I find in my experience that GSD is more about individual glory over a team (see my blog on Teams Deliver) which I find troubling on so many levels.

Organizations spend lot’s of money having their technology teams deliver features that they believe bring value to the business and even though there may be many ways of delivering this value, ie Agile, Waterfall, Lean, I have yet to see GSD making its way into main stream product and project management lexicon.

Continuing my educational tour of the world of GSD I found a posting from two guys named Daniel Epstein and Pascal Finnette who appear to be individuals who provide support, coaching and services to technology entrepreneurs specifically regarding GSD:

  1. GYSHIDO – A movement started a few years ago dedicated to The Art of Getting Your Shit Done.  They identified that their most intrinsic value as employees was that they got shit done, but in looking at their code of honor I see elements of good process, so is it possible thatGSD has some value?  Too soon to tell.  But here is their code of honor:
    1. Relentless focus – Focus on the 10% of your activities which drive most of the value. Relentlessly.
    2. Boring consistency – Do the right things over and over again. Consistency forms habits. Habits make hard things effortless.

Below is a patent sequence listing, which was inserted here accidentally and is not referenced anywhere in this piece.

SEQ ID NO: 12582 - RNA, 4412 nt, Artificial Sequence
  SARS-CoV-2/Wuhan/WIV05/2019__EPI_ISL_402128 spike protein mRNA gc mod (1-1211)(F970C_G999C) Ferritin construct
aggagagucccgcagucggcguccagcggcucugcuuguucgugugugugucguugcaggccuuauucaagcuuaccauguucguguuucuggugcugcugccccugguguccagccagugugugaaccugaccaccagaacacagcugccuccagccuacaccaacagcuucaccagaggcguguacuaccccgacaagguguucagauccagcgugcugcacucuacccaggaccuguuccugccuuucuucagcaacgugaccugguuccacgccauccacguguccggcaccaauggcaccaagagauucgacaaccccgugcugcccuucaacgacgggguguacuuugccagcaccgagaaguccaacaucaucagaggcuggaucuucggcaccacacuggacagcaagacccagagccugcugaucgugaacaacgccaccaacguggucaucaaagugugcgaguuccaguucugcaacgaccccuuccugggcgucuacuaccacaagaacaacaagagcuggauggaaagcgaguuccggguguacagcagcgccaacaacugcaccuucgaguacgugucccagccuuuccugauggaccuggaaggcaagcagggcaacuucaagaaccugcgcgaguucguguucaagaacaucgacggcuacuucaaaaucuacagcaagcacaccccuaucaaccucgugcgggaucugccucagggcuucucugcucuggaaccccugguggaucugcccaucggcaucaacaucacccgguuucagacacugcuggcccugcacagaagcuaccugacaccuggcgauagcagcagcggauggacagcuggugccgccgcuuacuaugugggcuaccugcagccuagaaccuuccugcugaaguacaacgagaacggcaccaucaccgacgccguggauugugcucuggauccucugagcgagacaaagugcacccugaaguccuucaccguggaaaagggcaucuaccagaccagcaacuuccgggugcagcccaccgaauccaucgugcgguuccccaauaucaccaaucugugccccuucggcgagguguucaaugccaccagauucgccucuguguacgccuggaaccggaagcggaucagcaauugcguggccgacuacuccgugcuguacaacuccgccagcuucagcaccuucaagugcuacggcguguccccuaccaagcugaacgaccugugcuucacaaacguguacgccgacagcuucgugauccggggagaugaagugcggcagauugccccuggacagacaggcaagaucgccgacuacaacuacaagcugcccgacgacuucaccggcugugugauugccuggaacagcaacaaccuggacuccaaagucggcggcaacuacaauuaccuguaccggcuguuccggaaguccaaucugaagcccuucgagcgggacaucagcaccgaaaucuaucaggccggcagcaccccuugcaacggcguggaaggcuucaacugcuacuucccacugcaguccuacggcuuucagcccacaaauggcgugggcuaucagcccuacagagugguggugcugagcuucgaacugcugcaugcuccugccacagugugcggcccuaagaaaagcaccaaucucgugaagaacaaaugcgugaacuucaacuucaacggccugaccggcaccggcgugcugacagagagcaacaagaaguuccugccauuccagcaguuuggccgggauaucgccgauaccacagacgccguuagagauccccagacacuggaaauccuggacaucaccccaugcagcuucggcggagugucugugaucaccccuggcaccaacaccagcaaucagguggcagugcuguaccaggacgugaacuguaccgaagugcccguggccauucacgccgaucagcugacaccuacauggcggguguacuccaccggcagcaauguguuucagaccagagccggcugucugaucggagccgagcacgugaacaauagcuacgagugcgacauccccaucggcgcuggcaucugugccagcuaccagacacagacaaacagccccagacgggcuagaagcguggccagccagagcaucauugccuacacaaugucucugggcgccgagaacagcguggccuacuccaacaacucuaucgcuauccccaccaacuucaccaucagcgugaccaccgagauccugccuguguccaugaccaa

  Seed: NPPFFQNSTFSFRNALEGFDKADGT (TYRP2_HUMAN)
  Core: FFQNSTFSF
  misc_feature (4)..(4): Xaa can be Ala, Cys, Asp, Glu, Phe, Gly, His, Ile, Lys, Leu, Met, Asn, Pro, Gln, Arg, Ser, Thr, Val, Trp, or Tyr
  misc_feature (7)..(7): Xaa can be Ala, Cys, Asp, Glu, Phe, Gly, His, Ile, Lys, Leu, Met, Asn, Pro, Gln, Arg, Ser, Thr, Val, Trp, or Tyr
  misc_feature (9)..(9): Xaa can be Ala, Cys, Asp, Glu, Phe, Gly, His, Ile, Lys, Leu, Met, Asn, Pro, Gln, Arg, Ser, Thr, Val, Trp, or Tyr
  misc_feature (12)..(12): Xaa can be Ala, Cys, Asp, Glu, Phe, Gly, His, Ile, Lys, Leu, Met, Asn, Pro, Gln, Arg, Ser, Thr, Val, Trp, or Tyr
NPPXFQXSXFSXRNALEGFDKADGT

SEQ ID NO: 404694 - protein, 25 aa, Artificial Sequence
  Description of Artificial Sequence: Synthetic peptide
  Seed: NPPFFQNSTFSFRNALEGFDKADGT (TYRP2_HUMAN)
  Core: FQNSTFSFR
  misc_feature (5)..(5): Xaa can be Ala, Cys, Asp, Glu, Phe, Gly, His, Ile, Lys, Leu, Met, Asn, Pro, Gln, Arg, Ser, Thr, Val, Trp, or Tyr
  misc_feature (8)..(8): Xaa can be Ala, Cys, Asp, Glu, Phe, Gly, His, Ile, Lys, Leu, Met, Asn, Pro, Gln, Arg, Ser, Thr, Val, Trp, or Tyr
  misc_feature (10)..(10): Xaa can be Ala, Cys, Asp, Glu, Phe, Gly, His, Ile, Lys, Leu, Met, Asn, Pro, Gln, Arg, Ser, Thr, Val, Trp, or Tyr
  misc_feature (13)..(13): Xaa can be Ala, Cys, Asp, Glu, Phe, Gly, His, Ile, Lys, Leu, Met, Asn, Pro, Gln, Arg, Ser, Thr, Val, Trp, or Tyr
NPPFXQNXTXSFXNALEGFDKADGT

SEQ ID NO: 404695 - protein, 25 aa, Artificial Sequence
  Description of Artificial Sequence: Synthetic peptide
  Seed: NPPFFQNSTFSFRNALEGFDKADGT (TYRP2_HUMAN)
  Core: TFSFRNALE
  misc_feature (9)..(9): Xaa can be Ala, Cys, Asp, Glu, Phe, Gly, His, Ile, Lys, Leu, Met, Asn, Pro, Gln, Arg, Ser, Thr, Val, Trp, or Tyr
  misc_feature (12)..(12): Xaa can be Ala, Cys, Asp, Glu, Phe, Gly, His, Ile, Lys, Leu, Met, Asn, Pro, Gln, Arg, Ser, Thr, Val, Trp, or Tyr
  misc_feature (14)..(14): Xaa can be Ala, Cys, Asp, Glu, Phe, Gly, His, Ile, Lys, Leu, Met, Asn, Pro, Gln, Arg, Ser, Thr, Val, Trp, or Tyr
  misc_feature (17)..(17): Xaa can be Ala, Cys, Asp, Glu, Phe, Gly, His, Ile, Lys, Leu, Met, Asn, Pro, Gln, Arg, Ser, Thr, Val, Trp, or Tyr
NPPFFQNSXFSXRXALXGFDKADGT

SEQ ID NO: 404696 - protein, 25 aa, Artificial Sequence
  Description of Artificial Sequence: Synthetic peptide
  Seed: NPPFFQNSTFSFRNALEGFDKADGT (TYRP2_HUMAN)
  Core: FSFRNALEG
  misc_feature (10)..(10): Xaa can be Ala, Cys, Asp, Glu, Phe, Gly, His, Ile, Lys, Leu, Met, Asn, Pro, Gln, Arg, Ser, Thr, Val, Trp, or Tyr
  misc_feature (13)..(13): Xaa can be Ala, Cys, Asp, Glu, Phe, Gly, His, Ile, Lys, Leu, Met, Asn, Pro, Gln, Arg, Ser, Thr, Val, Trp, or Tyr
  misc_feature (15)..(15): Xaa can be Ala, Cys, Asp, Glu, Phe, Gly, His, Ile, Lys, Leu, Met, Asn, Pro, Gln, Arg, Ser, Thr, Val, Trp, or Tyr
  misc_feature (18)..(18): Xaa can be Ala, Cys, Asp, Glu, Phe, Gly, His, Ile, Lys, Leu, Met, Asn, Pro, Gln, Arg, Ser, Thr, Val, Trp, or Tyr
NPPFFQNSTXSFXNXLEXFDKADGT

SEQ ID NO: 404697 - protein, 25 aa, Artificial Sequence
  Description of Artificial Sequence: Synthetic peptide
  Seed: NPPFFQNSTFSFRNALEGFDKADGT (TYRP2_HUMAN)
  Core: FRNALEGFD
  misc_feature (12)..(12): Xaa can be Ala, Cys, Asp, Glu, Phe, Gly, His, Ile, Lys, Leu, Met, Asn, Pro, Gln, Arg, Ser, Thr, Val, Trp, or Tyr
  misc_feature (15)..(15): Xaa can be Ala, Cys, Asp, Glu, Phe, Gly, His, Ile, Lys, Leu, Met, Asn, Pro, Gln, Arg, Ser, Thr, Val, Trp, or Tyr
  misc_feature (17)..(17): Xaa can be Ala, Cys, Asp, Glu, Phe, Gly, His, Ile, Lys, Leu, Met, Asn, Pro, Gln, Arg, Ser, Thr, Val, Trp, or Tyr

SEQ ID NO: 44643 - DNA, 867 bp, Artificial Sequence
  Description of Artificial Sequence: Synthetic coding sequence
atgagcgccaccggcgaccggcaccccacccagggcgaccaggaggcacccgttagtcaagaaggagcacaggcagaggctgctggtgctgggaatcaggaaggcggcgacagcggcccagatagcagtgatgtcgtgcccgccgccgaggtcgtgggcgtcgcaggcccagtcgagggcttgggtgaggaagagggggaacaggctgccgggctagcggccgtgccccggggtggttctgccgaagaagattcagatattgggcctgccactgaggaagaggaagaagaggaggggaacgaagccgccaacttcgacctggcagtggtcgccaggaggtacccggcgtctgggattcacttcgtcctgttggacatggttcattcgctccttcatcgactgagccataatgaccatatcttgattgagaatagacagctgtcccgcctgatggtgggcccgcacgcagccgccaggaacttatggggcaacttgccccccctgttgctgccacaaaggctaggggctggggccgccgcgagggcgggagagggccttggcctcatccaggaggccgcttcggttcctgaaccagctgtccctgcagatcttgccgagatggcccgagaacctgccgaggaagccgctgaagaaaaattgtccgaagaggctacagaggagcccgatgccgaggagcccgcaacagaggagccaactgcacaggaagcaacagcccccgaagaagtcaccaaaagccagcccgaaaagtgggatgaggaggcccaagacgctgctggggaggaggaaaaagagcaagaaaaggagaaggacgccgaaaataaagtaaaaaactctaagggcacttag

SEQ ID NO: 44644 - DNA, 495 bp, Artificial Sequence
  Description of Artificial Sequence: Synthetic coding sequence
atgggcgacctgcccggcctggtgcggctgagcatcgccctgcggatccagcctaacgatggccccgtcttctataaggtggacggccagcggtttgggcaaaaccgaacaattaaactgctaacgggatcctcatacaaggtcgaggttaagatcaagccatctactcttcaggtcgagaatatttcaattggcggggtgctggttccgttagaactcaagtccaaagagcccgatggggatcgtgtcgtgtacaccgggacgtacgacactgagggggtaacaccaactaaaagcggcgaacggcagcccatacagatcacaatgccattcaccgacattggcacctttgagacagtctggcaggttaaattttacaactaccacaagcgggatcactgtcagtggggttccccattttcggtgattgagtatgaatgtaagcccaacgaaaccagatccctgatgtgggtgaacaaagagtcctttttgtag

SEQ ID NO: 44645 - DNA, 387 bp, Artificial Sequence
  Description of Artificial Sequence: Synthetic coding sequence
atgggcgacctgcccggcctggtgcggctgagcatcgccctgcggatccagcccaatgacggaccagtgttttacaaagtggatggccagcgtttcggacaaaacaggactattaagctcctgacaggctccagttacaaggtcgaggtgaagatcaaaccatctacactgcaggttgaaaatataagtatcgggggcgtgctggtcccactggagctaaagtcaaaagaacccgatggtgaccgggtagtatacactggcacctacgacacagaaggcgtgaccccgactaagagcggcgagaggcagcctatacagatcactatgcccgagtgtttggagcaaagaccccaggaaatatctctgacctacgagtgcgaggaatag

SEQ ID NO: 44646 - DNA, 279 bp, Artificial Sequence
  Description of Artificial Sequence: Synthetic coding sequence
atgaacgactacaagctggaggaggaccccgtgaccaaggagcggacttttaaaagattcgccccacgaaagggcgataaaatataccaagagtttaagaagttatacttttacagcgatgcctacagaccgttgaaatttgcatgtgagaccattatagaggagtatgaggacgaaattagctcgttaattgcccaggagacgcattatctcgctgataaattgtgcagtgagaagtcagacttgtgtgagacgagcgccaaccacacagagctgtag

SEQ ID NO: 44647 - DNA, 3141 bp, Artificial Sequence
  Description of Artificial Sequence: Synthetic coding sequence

3. No Bullshit – Don’t bullshit yourself or others. Apply brutal honesty and transparency to everything you do.
    4. No Meetings – Meetings come in only two forms: Standing or social. If it’s social, it’s over breakfast, lunch, coffee, dinner or drinks. If not – don’t sit down.
    5. Follow up – Don’t let others wait for your part of the job. Ever.
    6. Don’t be an Asshole

As I read through their ethics I believe (I haven’t talked with these guys) that their process could align with the agile type world.  Why?

  • Many of the elements of what they believe is good GDS is what I consider good behavior of Agile teams:
    • Focus on the work that delivers the most value – Agile, 2 week sprints, deliver production ready features continually.
    • Consistency – Keep your Scrum Teams together, let them improve in estimation, execution, test automation, boring?  maybe, get shit done fast?  yes
    • No Bullshit – Retrospectives ask us to be brutally honest when things are working and fix what doesn’t work.  Attack the problem not the person (see number 6 – Don’t be an Asshole)
    • Follow-up – In Agile I always talk about how we need to think of minutes over hours when resolving issues that are blocking us from completing our work.